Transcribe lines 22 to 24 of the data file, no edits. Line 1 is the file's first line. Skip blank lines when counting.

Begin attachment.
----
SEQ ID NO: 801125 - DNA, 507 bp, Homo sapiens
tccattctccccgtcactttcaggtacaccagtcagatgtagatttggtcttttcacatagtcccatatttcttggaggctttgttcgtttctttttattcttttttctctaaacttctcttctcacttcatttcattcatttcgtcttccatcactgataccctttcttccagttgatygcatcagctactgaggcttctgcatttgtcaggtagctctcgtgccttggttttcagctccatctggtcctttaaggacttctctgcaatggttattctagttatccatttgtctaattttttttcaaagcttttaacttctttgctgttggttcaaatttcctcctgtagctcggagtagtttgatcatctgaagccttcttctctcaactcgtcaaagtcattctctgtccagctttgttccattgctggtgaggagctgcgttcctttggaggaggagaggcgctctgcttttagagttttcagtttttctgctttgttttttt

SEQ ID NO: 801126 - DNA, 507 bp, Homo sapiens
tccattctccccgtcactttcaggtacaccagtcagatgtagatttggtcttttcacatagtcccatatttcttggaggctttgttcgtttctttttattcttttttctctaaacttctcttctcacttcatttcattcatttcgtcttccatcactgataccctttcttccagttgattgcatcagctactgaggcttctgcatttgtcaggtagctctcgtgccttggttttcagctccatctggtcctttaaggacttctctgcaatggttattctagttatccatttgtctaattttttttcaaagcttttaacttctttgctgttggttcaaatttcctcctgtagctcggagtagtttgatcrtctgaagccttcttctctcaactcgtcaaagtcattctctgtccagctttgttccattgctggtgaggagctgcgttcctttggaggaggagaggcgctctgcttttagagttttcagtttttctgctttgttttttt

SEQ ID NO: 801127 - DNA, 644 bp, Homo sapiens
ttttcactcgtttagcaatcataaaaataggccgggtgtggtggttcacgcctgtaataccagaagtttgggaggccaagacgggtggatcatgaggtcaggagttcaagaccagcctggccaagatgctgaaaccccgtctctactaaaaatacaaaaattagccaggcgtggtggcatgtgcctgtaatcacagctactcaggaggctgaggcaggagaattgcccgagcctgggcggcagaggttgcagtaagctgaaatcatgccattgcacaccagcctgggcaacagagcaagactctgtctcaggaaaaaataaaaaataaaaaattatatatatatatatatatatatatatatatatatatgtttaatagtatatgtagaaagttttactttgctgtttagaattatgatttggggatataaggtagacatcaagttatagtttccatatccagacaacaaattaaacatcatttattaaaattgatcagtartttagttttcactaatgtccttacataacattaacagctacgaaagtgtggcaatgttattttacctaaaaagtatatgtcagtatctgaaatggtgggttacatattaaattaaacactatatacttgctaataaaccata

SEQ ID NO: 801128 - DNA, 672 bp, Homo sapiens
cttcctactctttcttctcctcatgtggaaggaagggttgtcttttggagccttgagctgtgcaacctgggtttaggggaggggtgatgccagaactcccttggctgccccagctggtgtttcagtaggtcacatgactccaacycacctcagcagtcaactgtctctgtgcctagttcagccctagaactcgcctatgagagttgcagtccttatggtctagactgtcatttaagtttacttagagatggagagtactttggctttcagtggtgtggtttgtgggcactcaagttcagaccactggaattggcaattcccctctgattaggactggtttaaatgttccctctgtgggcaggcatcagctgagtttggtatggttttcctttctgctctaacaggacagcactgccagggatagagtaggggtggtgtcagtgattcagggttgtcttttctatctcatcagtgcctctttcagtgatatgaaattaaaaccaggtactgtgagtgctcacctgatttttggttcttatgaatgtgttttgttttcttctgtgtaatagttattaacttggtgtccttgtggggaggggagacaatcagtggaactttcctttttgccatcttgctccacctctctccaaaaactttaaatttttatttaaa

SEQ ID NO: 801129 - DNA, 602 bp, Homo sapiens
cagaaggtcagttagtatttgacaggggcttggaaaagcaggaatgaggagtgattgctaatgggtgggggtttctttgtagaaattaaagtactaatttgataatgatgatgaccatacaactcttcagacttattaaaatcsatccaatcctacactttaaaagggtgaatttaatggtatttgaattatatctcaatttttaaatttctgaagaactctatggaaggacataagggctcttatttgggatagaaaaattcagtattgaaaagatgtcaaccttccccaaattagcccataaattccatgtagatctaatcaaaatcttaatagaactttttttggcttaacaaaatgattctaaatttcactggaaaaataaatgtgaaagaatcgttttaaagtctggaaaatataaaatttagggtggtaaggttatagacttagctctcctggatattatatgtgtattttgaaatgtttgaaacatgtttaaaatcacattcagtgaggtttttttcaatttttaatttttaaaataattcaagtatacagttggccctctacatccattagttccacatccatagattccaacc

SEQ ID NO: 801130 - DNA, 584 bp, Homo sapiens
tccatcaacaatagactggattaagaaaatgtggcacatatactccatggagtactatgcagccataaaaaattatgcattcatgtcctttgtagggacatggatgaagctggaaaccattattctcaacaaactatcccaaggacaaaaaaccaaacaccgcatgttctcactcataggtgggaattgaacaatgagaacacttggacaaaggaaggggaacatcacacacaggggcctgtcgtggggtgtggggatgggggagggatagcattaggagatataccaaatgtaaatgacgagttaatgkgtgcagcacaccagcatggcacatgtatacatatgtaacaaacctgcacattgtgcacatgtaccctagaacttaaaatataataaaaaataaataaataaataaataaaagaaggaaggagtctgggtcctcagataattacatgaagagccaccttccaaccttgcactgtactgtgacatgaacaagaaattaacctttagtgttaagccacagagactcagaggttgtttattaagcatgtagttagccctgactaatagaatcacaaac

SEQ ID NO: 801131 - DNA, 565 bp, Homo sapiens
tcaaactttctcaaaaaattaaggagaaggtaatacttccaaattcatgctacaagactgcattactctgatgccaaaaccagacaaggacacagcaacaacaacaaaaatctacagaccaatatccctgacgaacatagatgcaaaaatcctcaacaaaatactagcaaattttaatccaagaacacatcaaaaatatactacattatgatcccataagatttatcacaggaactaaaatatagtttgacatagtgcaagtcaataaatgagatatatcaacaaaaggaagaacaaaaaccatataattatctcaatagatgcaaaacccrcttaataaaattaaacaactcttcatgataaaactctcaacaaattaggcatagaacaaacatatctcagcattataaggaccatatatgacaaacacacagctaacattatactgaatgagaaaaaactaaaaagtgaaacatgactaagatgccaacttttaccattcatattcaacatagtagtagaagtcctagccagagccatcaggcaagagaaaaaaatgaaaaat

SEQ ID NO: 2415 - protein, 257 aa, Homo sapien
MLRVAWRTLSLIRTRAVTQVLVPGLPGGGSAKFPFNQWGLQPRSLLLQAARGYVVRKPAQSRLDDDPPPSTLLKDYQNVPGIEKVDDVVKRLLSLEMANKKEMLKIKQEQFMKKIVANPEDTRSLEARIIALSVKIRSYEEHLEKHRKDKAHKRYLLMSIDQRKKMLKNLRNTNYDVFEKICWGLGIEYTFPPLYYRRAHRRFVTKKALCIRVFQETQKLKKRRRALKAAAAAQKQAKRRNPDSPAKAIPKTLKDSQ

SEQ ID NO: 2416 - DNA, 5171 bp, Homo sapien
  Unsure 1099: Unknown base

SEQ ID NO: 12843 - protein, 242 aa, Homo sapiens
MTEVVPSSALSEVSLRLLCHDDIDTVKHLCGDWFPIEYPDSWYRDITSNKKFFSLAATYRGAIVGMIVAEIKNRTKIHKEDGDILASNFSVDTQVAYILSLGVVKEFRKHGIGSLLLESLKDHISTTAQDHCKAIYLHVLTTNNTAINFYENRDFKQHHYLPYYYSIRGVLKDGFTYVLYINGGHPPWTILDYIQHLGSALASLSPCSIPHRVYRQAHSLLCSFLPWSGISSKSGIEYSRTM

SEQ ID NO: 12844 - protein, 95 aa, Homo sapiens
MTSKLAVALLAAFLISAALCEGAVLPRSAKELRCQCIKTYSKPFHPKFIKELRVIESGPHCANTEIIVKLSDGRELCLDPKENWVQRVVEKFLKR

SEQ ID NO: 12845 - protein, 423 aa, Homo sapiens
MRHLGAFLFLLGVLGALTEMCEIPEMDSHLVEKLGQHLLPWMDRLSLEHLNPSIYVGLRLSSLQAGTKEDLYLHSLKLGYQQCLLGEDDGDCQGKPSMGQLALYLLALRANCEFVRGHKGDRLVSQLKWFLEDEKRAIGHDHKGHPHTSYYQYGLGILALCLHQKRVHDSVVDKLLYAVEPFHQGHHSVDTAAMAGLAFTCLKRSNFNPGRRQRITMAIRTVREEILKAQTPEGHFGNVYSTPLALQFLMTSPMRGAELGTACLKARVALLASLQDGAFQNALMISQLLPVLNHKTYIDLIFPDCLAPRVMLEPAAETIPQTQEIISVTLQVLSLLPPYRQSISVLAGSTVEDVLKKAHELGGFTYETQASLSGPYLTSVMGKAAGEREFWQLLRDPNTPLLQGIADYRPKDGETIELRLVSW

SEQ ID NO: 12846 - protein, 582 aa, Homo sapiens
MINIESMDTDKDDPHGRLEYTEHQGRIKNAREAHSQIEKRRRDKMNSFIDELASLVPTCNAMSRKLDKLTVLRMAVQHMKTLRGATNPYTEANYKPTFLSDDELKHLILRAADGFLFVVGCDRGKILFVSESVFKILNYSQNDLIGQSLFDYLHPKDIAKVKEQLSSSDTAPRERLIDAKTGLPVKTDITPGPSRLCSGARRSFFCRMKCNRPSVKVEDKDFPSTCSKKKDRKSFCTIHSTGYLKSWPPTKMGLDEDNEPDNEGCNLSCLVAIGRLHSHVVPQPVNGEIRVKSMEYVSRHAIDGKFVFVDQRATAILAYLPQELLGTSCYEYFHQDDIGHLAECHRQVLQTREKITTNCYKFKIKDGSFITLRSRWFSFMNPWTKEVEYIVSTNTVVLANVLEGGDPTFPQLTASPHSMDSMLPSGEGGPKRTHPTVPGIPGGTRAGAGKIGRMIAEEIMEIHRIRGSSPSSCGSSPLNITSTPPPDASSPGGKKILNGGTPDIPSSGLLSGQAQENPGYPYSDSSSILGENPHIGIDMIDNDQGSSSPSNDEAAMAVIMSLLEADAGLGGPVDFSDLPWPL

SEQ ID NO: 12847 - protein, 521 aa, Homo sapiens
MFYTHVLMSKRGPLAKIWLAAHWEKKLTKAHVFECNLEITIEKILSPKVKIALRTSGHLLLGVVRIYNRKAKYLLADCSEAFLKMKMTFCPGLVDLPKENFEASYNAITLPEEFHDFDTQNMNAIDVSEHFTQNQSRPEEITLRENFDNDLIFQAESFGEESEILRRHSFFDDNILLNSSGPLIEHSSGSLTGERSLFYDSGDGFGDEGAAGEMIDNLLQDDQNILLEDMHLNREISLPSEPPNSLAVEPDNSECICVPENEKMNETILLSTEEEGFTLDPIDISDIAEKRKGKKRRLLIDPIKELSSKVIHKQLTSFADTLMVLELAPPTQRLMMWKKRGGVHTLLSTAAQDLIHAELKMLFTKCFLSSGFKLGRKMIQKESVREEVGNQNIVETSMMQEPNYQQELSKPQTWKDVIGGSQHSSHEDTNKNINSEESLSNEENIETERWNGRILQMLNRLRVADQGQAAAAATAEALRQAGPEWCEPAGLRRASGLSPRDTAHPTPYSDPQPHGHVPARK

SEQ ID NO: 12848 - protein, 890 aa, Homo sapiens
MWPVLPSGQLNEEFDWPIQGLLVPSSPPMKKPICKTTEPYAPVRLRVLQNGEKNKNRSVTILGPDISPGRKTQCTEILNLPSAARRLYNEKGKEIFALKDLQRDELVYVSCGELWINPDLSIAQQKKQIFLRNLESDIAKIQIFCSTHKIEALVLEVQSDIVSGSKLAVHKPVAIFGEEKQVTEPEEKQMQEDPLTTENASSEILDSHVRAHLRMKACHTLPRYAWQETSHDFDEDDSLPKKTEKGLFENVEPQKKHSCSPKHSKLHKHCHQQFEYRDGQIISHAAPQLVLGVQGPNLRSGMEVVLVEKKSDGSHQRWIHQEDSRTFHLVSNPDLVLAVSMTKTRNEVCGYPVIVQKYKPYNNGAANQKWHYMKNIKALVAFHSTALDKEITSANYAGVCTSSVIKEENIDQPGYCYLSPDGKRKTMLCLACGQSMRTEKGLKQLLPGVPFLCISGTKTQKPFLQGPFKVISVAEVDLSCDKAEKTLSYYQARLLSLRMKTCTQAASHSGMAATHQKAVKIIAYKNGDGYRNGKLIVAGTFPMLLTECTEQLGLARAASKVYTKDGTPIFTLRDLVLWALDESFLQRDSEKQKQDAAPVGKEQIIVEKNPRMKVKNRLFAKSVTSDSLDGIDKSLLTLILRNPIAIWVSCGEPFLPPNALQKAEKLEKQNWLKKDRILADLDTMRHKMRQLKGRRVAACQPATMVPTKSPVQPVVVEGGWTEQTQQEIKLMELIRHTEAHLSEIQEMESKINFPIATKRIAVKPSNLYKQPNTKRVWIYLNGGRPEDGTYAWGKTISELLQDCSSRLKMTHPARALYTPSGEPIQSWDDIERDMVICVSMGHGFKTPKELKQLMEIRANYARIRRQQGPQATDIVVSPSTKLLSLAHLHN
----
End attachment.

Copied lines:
MTSKLAVALLAAFLISAALCEGAVLPRSAKELRCQCIKTYSKPFHPKFIKELRVIESGPHCANTEIIVKLSDGRELCLDPKENWVQRVVEKFLKR

SEQ ID NO: 12845 - protein, 423 aa, Homo sapiens
MRHLGAFLFLLGVLGALTEMCEIPEMDSHLVEKLGQHLLPWMDRLSLEHLNPSIYVGLRLSSLQAGTKEDLYLHSLKLGYQQCLLGEDDGDCQGKPSMGQLALYLLALRANCEFVRGHKGDRLVSQLKWFLEDEKRAIGHDHKGHPHTSYYQYGLGILALCLHQKRVHDSVVDKLLYAVEPFHQGHHSVDTAAMAGLAFTCLKRSNFNPGRRQRITMAIRTVREEILKAQTPEGHFGNVYSTPLALQFLMTSPMRGAELGTACLKARVALLASLQDGAFQNALMISQLLPVLNHKTYIDLIFPDCLAPRVMLEPAAETIPQTQEIISVTLQVLSLLPPYRQSISVLAGSTVEDVLKKAHELGGFTYETQASLSGPYLTSVMGKAAGEREFWQLLRDPNTPLLQGIADYRPKDGETIELRLVSW